The Ethical Treatises, being the Treatises of the First Ennead
Plotinus is primarily remembered for his teachings, which were collected by Porphyry into a volume called the Enneads. This work gives Plotinus’s accounts of the religions and cults of his age. He was interested in the occult but only in a detached and speculative way. He was indifferent to traditional paganism but critical of the Gnostic Christian heretics who preached the mystical dualism of the divine, which he regarded as antiphilosophical, un-Greek, and emotional superstition. His own religious beliefs inclined toward the idea that one could achieve a spiritual union with the good (understood as the Platonic idea of a perfect realm of the ideal) through philosophic reflection.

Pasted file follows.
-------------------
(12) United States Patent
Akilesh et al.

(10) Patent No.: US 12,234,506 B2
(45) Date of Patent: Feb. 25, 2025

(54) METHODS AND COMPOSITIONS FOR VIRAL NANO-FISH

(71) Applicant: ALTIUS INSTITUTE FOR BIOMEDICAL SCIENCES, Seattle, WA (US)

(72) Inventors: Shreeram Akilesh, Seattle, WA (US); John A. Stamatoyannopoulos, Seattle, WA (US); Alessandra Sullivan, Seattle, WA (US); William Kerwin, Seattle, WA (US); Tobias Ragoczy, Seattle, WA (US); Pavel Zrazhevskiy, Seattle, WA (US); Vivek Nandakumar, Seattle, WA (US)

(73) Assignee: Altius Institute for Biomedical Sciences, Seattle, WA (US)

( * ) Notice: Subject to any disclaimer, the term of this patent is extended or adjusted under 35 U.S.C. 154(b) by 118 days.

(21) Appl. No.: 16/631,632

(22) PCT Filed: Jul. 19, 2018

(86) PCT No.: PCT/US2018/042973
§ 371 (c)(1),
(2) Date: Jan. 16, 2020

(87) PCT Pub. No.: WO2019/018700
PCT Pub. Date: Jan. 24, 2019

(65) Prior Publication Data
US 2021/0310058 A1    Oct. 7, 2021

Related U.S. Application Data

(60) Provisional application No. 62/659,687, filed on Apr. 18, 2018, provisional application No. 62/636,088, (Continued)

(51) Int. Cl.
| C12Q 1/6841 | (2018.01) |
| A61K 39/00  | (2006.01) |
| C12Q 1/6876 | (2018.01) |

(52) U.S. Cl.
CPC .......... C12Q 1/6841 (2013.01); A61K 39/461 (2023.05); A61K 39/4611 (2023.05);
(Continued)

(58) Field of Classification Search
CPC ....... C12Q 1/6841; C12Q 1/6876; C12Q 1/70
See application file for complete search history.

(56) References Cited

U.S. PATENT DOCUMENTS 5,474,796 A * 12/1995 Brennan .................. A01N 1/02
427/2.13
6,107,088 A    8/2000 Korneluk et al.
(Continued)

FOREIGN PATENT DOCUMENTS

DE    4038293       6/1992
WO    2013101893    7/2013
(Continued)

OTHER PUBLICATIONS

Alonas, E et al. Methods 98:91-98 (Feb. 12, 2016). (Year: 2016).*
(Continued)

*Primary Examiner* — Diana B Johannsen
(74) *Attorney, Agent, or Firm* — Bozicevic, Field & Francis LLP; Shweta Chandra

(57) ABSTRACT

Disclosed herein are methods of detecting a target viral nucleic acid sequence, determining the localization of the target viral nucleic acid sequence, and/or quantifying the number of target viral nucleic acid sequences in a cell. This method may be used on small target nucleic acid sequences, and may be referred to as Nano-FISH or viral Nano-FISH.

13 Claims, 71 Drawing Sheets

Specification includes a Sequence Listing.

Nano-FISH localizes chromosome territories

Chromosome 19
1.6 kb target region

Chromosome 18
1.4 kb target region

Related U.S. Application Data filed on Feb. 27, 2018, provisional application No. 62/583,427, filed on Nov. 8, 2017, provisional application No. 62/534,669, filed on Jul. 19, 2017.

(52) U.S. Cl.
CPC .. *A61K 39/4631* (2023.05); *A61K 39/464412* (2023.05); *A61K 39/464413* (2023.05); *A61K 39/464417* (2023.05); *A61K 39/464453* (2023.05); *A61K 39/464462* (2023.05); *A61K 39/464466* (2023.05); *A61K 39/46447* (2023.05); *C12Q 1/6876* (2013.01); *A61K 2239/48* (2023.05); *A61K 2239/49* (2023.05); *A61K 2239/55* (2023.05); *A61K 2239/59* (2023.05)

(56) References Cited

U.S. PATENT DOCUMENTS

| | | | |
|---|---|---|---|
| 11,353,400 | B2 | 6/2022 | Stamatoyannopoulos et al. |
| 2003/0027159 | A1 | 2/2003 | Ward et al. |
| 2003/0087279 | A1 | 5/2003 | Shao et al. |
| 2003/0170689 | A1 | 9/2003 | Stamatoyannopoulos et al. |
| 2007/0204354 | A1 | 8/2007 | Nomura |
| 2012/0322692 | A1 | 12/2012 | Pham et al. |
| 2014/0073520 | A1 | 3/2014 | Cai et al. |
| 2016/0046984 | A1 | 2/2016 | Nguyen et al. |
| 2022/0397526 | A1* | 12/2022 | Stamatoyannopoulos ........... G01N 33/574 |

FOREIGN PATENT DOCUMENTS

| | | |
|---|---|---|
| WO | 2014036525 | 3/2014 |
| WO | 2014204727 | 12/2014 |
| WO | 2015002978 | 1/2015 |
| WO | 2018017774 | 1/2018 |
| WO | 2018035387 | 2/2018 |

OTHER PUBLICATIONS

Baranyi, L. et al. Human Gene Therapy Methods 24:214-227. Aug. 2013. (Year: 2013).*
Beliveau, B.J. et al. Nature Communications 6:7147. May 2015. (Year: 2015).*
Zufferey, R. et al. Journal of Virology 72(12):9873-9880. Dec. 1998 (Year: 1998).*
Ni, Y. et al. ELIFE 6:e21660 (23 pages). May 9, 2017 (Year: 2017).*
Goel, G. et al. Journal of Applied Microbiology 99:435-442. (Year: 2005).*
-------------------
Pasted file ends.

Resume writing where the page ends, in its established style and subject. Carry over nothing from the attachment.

The Ethical Treatises, being the Treatises of the First Ennead, with Porphry’s Life of Plotinus, and the Preller-Ritter Extracts forming a Conspectus of the Plotinian System, translated from Greek by Stephen Mackenna (Boston: Charles T. Branford, 1918). 6 vols.
The text is in the public domain.